Jess d’Ardenne: Framing the Perfect Painting

DAZN’s Director of Product – Web, Acquisition and Retention, explains why creating a seamless customer experience is a fine art that can stem from something as little as an impromptu coffee…

How would you sum up your role at DAZN?

“My job, simply put, is to explain to a customer why they should sign up to DAZN and ensure that once they do so, it’s as efficiently as possible so that they can start watching immediately. The customer trusts my team to ensure that the correct payment is taken on a monthly basis, and if they ever want to cancel, we guarantee an easy cancellation process. My team also manages the help section, which is really important for retention because if you have a problem, we want to address it swiftly and easily.”

How would you describe the perfect product, and how have you applied that vision to your goals and accomplishments at DAZN?

“For me, the perfect product is akin to a perfectly framed painting, with the frame fading into the background, letting the painting shine. You don’t have to think to use it; it seamlessly becomes a part of your life and the way that you consume content. DAZN should never be a product which makes you say to yourself, “to get this information I need to go here, and then there, and then here…” It should be the opposite; you should be able to just open the app, and your favourite sport is right there.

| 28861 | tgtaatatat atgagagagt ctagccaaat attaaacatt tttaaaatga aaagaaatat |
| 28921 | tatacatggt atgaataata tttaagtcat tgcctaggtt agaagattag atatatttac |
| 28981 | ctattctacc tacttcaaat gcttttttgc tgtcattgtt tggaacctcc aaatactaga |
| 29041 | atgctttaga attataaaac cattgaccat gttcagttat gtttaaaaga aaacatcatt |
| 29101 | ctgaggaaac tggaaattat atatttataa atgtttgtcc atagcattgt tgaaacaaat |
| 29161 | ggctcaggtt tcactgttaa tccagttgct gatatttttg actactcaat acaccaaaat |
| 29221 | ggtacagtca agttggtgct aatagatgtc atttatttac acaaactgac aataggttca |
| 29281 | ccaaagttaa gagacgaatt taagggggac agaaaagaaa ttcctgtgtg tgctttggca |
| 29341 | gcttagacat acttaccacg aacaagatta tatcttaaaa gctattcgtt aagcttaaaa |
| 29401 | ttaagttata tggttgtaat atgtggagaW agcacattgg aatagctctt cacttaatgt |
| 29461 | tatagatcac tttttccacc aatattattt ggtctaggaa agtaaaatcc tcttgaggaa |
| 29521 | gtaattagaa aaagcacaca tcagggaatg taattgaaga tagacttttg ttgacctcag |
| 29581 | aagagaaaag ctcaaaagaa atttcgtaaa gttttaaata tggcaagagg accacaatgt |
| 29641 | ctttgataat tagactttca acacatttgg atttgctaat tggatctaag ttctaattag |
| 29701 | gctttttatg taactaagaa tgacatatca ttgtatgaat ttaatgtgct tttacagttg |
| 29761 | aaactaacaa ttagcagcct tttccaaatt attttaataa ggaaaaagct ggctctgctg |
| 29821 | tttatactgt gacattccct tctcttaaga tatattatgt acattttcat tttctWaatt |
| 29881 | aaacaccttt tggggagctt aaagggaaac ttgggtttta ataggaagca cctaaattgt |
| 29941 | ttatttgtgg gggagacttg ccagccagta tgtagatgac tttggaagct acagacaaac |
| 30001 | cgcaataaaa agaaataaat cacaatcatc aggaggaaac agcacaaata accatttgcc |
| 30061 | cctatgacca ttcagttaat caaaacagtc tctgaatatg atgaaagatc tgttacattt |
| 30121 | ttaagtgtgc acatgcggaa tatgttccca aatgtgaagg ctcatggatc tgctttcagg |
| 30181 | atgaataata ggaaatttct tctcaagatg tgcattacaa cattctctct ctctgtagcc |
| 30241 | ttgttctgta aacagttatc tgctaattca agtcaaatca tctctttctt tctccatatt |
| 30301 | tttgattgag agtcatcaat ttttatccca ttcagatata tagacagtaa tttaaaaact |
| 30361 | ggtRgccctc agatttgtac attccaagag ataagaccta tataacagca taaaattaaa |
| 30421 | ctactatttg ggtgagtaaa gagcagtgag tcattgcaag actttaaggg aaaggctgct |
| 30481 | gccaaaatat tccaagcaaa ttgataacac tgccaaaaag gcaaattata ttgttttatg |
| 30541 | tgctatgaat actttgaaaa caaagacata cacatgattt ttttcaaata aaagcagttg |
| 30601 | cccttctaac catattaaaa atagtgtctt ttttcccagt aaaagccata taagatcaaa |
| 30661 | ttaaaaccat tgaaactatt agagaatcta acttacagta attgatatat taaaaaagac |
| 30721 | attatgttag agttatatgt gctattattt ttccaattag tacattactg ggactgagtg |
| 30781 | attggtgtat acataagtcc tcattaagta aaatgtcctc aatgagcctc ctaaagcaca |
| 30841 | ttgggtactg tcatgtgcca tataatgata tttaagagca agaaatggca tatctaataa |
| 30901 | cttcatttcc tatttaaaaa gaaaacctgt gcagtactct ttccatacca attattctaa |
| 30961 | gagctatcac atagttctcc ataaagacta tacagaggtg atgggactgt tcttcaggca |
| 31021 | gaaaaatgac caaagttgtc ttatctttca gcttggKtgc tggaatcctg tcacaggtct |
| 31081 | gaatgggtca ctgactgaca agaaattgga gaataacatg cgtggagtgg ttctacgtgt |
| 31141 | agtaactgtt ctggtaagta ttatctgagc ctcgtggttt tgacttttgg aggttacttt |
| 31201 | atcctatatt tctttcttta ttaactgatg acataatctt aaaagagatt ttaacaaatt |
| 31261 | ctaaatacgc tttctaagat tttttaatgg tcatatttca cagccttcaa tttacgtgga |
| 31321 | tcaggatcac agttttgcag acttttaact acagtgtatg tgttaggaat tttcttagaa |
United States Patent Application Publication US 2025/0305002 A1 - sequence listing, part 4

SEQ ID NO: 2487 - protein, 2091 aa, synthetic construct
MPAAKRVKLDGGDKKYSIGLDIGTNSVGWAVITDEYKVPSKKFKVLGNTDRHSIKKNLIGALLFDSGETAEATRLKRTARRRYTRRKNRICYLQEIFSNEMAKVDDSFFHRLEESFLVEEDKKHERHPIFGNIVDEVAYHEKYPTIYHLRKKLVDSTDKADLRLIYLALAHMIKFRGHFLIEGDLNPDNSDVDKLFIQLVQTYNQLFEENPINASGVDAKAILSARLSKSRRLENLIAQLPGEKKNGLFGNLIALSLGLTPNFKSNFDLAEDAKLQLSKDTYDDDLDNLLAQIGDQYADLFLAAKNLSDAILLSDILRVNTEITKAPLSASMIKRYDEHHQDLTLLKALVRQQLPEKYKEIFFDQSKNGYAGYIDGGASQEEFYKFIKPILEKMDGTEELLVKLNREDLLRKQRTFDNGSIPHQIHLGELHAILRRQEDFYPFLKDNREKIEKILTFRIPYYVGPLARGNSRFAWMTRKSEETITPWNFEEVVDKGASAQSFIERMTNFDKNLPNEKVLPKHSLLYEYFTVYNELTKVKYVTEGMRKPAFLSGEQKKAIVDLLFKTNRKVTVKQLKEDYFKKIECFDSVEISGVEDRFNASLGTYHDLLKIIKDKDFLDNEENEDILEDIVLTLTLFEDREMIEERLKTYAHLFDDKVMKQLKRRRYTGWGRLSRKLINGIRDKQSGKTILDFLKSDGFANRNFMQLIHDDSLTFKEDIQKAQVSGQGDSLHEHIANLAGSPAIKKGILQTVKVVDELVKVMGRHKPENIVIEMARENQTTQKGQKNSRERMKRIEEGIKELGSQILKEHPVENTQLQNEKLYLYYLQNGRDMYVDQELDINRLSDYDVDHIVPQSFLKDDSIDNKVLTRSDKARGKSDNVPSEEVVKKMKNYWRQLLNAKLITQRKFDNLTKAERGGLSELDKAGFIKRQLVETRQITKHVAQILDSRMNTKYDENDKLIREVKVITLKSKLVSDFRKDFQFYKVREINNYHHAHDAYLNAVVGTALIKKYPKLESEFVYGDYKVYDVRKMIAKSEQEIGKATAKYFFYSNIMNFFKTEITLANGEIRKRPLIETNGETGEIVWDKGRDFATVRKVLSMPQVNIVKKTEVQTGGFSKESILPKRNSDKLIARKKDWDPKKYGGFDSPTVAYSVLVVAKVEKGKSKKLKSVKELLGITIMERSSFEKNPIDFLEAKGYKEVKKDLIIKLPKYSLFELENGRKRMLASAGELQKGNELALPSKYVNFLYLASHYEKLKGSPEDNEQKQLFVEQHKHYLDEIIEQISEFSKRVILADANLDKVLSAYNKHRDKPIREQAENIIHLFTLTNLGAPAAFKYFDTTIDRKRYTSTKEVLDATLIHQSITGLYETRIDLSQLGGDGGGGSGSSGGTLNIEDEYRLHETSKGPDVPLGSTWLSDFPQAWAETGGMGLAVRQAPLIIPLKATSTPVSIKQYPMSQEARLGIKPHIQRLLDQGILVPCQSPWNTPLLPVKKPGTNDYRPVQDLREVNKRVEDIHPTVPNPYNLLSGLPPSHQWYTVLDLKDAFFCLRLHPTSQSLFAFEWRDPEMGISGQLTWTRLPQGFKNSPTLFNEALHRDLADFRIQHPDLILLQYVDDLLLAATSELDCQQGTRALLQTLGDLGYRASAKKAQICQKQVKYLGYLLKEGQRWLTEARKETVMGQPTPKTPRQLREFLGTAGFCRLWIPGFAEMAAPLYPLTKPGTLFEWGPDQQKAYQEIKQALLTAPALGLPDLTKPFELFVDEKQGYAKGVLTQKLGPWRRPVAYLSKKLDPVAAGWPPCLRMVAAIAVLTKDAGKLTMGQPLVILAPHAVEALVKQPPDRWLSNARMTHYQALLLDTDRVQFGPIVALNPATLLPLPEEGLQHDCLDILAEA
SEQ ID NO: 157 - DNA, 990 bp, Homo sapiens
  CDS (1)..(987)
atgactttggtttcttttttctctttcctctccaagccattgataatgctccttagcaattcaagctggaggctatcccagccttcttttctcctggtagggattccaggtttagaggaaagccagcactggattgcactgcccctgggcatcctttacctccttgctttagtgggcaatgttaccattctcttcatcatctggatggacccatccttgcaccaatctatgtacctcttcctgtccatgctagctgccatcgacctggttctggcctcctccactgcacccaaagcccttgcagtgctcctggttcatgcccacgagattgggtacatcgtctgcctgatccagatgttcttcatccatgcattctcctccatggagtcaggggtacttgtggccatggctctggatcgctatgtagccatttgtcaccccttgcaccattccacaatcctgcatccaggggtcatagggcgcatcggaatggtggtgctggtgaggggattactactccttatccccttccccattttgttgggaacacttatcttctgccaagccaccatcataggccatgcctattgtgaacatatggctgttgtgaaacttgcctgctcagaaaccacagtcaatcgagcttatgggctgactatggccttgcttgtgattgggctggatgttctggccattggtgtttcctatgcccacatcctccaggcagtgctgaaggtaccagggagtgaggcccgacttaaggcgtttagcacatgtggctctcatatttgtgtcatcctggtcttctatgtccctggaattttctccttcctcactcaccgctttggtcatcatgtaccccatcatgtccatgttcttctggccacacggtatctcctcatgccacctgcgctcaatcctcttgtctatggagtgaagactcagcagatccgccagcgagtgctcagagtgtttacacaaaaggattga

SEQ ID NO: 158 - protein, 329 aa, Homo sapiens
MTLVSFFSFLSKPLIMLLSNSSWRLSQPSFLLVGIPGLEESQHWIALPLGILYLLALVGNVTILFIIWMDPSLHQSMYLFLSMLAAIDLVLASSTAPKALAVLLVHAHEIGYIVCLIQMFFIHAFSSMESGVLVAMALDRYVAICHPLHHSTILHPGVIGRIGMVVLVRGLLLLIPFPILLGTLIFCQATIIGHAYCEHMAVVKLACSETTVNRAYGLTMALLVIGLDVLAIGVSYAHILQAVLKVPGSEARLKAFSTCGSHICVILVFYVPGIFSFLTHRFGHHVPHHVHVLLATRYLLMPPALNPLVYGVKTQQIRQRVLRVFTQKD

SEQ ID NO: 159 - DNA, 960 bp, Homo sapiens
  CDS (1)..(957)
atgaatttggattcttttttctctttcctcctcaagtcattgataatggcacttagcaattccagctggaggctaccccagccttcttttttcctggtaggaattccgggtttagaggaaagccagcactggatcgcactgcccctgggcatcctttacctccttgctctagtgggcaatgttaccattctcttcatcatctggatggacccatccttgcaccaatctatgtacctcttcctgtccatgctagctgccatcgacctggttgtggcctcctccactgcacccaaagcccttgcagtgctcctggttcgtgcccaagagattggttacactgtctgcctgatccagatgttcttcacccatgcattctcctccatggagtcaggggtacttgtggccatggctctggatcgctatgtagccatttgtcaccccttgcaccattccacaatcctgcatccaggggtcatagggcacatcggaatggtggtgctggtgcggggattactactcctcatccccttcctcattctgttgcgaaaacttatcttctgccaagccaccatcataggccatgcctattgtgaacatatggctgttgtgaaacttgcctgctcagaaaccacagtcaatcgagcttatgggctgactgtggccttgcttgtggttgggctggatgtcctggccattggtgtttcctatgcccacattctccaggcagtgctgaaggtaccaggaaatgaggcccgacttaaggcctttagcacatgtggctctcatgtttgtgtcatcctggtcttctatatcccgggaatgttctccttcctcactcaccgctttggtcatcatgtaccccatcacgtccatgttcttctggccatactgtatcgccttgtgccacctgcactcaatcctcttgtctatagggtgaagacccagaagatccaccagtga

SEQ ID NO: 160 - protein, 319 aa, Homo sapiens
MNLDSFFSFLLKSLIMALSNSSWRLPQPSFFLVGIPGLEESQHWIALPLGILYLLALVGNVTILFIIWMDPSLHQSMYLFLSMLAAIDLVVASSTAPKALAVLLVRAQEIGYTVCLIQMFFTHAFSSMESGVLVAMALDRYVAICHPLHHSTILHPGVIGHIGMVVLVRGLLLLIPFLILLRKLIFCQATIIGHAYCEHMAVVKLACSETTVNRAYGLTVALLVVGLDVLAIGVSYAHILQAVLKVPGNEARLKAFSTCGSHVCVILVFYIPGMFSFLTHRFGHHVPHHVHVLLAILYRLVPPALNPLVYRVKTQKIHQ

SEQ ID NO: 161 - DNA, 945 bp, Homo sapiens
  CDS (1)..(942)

Since I work on the sign up flow, making DAZN intuitive is one of the hardest parts of my job. No one likes administrative tasks, and in a way, that’s what signing up to a service is. A balance has to be struck however – we don’t want the customer’s sign up journey to be so quick that the user is left thinking “wait a minute, I didn’t sign up for that!” The customer should feel reassured that they know what they signed up for and should be confident and trusting in the information they’ve provided to us.

• What challenges have your team faced in amid the management of a rapidly growing customer base?

“Since DAZN is a global offering, we need to ensure we have a brand to match, and from an efficiency standpoint, build core components and then customise on top of that for local markets. So, the challenge will always be around balancing a global product with localisation. Localisation is incredibly important to make DAZN easy to use and trusted for our customers. Each market will expect different things in the sign-up flow. For instance, in Japan we found that customers prefer to enter their last name before their first – that’s actually a change we need to make to the product. Or, similarly, in Japan we need to provide much more information on the history and ownership of DAZN to build trust with customers. Again, these expectations need to be balanced and fulfilled. The fast-moving world of OTT means that if we don’t meet and exceed the bar, the chances are we will have lost the customer from the very beginning. While this is one of the most challenging parts of the job, it’s also, for me, the most rewarding and interesting because I love learning about different cultures.”

• How do you see the OTT customer experience developing over the coming years?